Heslop L and Cranwell K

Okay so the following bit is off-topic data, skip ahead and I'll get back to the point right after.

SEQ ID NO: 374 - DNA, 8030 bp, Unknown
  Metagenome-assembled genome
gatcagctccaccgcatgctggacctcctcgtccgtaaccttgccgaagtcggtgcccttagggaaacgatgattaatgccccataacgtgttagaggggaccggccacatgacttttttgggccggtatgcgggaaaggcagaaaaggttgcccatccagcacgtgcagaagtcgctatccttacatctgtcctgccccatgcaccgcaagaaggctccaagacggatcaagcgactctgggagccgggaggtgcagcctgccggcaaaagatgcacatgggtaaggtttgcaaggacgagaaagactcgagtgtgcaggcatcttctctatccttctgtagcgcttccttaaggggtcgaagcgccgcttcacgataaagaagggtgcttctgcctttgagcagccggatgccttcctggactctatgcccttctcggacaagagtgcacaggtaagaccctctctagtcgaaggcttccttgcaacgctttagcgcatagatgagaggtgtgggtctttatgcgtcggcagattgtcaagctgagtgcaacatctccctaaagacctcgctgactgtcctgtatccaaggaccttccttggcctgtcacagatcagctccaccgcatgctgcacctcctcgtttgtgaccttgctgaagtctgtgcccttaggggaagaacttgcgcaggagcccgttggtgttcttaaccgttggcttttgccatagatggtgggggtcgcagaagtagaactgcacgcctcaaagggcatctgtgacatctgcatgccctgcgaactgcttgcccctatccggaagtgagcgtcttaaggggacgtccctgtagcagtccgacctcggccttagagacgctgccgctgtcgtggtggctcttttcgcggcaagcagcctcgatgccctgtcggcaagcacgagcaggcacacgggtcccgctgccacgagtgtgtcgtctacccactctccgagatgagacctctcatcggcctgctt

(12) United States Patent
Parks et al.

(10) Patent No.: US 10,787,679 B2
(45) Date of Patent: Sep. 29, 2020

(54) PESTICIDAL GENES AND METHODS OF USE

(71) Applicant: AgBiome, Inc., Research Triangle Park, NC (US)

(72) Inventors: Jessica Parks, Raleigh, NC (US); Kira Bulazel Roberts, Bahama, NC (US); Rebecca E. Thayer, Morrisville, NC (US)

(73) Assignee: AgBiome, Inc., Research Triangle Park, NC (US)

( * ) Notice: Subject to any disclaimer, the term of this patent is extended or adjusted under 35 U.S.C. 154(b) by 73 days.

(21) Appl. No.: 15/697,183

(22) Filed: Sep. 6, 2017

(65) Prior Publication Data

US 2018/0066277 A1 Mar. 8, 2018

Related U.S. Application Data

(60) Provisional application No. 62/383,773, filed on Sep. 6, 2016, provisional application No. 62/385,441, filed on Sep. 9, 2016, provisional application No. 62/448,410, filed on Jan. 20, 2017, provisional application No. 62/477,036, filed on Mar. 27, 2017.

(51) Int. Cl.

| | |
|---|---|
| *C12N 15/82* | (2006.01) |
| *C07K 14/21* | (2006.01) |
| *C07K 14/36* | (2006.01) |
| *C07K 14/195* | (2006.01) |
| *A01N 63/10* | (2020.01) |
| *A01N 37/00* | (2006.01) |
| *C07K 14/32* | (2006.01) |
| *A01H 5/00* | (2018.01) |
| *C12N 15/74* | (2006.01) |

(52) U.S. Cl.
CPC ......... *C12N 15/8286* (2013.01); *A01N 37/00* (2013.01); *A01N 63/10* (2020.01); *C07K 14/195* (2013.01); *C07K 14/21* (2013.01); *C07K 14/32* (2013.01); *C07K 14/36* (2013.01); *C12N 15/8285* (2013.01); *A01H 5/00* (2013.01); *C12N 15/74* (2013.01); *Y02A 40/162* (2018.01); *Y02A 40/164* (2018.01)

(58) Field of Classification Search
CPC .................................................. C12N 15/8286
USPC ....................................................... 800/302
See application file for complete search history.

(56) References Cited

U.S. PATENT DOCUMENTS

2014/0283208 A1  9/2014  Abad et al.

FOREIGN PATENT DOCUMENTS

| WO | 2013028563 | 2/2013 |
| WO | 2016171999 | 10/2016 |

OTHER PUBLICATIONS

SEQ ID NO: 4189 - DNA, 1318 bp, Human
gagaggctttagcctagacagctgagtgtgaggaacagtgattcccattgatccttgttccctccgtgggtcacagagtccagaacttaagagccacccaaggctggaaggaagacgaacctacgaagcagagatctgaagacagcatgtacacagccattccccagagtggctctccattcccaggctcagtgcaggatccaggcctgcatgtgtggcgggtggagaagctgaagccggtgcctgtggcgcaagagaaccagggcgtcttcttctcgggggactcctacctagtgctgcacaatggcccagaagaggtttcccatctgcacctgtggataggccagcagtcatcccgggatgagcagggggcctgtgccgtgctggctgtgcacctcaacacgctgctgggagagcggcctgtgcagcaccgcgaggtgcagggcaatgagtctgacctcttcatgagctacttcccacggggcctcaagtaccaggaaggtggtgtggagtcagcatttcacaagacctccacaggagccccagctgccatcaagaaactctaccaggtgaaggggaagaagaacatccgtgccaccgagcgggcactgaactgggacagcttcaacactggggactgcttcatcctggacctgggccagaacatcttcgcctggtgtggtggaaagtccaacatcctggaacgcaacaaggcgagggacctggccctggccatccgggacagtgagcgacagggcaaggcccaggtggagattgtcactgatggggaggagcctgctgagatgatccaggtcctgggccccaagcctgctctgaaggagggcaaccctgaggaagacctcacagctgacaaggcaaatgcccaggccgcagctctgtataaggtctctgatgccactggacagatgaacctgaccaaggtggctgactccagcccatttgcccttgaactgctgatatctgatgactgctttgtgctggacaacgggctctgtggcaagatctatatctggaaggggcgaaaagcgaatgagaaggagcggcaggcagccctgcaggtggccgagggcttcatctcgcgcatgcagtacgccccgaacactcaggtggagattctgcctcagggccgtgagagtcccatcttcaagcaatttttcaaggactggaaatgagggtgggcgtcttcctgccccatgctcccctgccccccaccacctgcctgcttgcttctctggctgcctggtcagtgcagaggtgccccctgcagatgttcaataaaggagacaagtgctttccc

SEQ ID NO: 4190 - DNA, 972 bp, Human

Background: Within interdisciplinary fields of healthcare that focus on chronic disease and complex condition management across an integrated continuum of services, there is growing emphasis on workforce reform strategies to update and expand clinical roles. In particular, different configurations of clinician teams have emerged to support older adults and others with complex health and social needs. This qualitative study sought perspectives from an emergent care coordination workforce that provide such support. The purpose of the study was to capture the views and experiences from this workforce as a means to understand the characteristics of their role; and the values care coordinators perceived to be placed on the role by external clinical colleagues. Methods: A qualitative descriptive design was supported by purposive sampling of 57 care coordinators located at a metropolitan Local Health Network in Victoria, Australia. Data was obtained from several focus groups in the form of detailed notes and verbatim quotes then analyzed using qualitative content analysis. Results: Care coordinators’ held values about their role that were conceptually related to three key characteristics: 1) The whole person approach: making a difference to people’s lives; 2) Autonomy; and 3) Practice wisdom. With regard to their viewpoints about how external colleagues perceived the role, content themes of ‘picking up all loose ends’ and ‘waving the magic wand’ emerged. Conclusion: These qualitative findings suggest that care coordinators bring a unique and somewhat sharedpractice perspective that could significantly build the interface between acute episode-based and chronic care. The findings are of interest to healthcare organizations investing in holistic workforce capability to support chronic disease and complex condition management within integrated service delivery models.